« 25 Days of Ruby Gems - Ruby Advent Calendar 2020, December 1st - December 25th

Day 1 - local_time Gem - Cache-Friendly and Timezone Aware Timestamp Formatting

Written by swanson Matt Swanson

Contrarian-in-training. Building products. Karl Pilkington is my spirit animal. Hacking on Boring Rails and Slotback Labs.

What’s wrong with Rails’ time_ago_in_words?

Rails has several handy utilities baked into the framework for displaying relative dates and times.

You can use time_ago_in_words to convert timestamps into user-friendly strings like “4 hours ago”, “2 days ago”.

Or you could use distance_of_time_in_words to find out how much time has passed between two dates.

But there are two issues with using these options to display, for instance, when a record was last updated.

Problem 1: Dealing with timezones

Ideally, you should show the timestamps to a user in their preferred timezone. Seeing that a Post was last updated at 10:30:20 UTC might be fine for a computer, but humans don’t like doing timezone conversions in their heads!

This is a tricky problem to solve with server-side code: are you going to store the timezone for each user? Pass it along on every request? And then remember to convert all your timestamps to the right timezone when you display it? Timezones are one of the most difficult things to get right when building software.

Problem 2: Dealing with caching

Rails has a powerful caching system, but that system is based on computing hash signatures of the data being cached. If you do too much data transformation in your views, you might run into annoying and hard to debug caching issues in production.

Consider this simple example:

# app/views/posts/index.html.erb

<% cache @posts do %>
  <% @posts.each do |post| %>
    <h2><%= post.title %></h2>
    <span>Updated: <%= time_ago_in_words(post.updated_at) %></span>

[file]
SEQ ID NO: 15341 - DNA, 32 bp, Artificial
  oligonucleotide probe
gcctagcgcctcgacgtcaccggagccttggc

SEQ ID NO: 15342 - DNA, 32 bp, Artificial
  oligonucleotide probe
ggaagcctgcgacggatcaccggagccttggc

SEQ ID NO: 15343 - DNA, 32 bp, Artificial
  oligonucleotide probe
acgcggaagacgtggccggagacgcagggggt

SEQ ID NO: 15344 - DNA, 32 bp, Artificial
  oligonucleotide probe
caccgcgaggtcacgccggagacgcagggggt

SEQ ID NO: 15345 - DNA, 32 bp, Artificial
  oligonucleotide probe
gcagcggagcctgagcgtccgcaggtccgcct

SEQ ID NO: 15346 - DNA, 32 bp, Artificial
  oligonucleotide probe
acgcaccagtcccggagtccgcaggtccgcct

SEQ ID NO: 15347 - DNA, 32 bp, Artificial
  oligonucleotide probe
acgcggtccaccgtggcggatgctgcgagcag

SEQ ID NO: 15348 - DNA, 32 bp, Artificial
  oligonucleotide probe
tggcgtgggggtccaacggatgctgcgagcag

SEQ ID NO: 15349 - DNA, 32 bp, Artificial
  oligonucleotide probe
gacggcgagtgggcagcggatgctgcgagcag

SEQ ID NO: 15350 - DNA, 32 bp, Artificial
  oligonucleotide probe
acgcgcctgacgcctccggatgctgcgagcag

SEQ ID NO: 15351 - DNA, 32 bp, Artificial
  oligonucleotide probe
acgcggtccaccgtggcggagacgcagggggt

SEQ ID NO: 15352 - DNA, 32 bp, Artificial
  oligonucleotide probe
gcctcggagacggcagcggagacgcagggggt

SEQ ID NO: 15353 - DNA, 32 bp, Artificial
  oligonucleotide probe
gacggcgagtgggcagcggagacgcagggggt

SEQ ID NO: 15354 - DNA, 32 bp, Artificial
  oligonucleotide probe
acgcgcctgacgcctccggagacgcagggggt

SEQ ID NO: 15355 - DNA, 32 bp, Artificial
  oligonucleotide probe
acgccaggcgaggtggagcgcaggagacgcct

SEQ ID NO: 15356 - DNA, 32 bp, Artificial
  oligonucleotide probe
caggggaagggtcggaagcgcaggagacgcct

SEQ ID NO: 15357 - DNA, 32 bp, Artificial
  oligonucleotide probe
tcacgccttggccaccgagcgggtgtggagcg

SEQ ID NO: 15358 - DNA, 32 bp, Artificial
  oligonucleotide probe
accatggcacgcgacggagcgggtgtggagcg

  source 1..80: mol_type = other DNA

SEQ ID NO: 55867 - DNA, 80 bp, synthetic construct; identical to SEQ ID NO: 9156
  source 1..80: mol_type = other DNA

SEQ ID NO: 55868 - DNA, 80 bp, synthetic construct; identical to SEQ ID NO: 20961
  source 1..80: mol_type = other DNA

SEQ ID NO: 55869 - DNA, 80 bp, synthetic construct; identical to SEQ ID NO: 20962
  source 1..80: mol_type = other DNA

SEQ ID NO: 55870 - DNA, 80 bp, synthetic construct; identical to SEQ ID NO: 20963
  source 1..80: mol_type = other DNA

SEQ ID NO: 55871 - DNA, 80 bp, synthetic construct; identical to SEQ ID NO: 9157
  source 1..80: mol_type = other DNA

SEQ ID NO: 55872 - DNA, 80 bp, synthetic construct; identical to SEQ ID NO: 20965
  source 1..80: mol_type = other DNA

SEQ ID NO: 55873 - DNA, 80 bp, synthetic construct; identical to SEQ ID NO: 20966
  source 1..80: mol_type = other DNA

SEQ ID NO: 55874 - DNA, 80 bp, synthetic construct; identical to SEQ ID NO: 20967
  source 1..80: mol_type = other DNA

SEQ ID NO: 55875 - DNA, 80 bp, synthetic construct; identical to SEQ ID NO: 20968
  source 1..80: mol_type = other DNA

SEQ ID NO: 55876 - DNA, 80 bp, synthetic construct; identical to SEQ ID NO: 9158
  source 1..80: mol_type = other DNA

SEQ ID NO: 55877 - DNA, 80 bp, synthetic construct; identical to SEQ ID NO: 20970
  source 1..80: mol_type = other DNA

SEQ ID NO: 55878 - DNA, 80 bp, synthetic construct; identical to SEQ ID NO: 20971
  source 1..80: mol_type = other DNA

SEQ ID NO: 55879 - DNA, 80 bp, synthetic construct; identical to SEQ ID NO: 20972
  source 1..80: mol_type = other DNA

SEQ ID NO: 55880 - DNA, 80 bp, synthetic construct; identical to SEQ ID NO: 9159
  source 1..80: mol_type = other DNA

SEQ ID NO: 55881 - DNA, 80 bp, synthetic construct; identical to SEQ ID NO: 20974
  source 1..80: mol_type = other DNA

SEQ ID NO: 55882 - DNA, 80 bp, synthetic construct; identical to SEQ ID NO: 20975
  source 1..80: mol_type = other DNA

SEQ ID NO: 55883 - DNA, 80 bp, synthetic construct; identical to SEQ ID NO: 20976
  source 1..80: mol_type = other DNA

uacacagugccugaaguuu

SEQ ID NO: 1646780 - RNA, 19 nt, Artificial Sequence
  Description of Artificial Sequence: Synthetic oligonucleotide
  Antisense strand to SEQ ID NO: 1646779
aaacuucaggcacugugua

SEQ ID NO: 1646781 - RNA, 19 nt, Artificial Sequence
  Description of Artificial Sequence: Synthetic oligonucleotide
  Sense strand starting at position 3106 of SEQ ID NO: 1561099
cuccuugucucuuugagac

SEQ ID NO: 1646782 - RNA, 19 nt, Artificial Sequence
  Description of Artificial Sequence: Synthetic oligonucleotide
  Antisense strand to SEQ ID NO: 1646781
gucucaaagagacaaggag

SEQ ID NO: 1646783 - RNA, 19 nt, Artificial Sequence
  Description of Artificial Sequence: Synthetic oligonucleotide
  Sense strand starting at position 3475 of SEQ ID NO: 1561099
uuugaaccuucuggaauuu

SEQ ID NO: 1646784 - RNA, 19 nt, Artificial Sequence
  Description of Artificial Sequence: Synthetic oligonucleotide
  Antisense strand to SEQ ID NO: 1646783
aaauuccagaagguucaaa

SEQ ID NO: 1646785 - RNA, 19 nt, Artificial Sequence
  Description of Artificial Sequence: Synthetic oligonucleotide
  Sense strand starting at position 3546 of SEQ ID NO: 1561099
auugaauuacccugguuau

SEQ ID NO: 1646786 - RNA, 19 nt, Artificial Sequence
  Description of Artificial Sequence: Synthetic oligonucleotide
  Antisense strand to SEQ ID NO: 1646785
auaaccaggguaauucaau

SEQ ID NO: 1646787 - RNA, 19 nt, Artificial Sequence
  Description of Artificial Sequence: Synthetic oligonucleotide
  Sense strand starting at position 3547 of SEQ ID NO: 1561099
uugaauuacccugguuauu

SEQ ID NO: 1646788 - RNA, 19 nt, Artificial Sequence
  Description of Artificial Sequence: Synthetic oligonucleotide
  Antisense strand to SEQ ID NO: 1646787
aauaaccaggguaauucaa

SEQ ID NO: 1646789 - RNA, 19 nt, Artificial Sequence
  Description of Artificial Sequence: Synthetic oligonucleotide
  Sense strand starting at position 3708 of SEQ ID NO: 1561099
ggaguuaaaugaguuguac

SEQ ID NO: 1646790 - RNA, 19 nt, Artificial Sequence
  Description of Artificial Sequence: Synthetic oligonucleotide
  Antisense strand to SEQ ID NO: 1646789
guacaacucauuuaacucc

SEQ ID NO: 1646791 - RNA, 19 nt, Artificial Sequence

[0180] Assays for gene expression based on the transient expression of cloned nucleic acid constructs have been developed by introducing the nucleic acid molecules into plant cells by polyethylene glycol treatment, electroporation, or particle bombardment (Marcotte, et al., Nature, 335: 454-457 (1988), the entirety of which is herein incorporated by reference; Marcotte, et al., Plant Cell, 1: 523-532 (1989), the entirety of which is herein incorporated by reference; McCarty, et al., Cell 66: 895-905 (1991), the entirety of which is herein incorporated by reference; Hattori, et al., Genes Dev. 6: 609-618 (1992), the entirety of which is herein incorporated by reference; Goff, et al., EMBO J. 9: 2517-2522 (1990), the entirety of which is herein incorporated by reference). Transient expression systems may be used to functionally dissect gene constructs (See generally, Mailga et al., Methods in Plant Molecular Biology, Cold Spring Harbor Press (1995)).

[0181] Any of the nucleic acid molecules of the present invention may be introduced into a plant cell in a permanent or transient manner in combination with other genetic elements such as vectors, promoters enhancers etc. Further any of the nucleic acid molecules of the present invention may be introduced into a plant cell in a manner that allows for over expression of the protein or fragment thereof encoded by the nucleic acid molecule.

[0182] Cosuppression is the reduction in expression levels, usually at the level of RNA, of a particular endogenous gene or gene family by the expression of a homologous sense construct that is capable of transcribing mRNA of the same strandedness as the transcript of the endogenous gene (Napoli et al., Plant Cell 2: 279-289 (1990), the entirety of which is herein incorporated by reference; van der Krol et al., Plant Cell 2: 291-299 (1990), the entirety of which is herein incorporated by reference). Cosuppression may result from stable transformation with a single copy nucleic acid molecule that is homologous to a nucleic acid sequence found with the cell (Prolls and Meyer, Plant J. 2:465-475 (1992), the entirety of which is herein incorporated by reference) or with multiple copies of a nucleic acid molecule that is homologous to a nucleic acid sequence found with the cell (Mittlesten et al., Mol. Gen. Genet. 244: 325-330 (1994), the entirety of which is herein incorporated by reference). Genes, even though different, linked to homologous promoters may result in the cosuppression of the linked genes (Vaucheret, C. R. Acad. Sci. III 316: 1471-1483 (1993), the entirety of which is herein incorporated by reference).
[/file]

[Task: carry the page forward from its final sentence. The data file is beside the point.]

<% end %>
<% end %>

Do you see the bug? It’s tricky!

Rails uses the @posts collection as the cache key and will store off the rendered HTML. But we’ve got a problem. The cache is going to store the HTML fragment the first time it renders, so the value stored might be something like:

<h2>My cool post!</h2>
<span>Updated: 4 hours ago</span>

But, wait! If you visit the page tomorrow, it’s still going to show that the post was updated “4 hours ago” and not “yesterday” since none of the underlying data has changed to invalidate the cache.

local_time to the rescue

You may be tempted to throw up your hands and turn off caching or switch the view back to printing out unfriendly Coordinated Universal Time (or UTC) formatted time. But don’t fret! There is a better solution from our friends at Basecamp.

The local_time gem is a small tool to solve this exact problem for Rails apps.

Instead of using time_ago_in_words(date), install this gem and then use local_time_ago(date).

The gem also includes a small bit of JavaScript that can be used with either the asset pipeline or webpacker configurations.

# app/views/posts/index.html.erb

<% cache @posts do %>
  <% @posts.each do |post| %>
    <h2><%= post.title %></h2>
    <span>Updated: <%= local_time_ago(post.updated_at) %></span>
  <% end %>
<% end %>

Now your app will render a <time> HTML tag that looks like this:

<time datetime="2020-11-20T21:42:17Z" data-local="time-ago">November 20, 2020  9:42pm</time>

and then uses JavaScript to convert the time into the desired “time ago” format and the current timezone of the browser.

<time datetime="2020-11-20T21:42:17Z" data-local="time-ago"
      title="November 20, 2020 at 4:42pm EST" aria-label="Friday">Friday</time>

Since the server-rendered response outputs only the UTC timestamp, the Rails caching will work as expected even as time passes or people in multiple timezones request the same content. And you get the additional benefit of your markup being more semantic (usage of the <time> tag), machine-readable (UTC format in the datetime attribute), and screen-reader friendly (automatic ARIA labels)!

This UI pattern has become a mainstay in nearly every web application and local_time is always one of the first gems I add to a Rails project.

Note: While this gem is old (released in 2013) and infrequently updated, don’t be scared off thinking that this project is abandoned – it’s simply “done” and works great.

Find Out More


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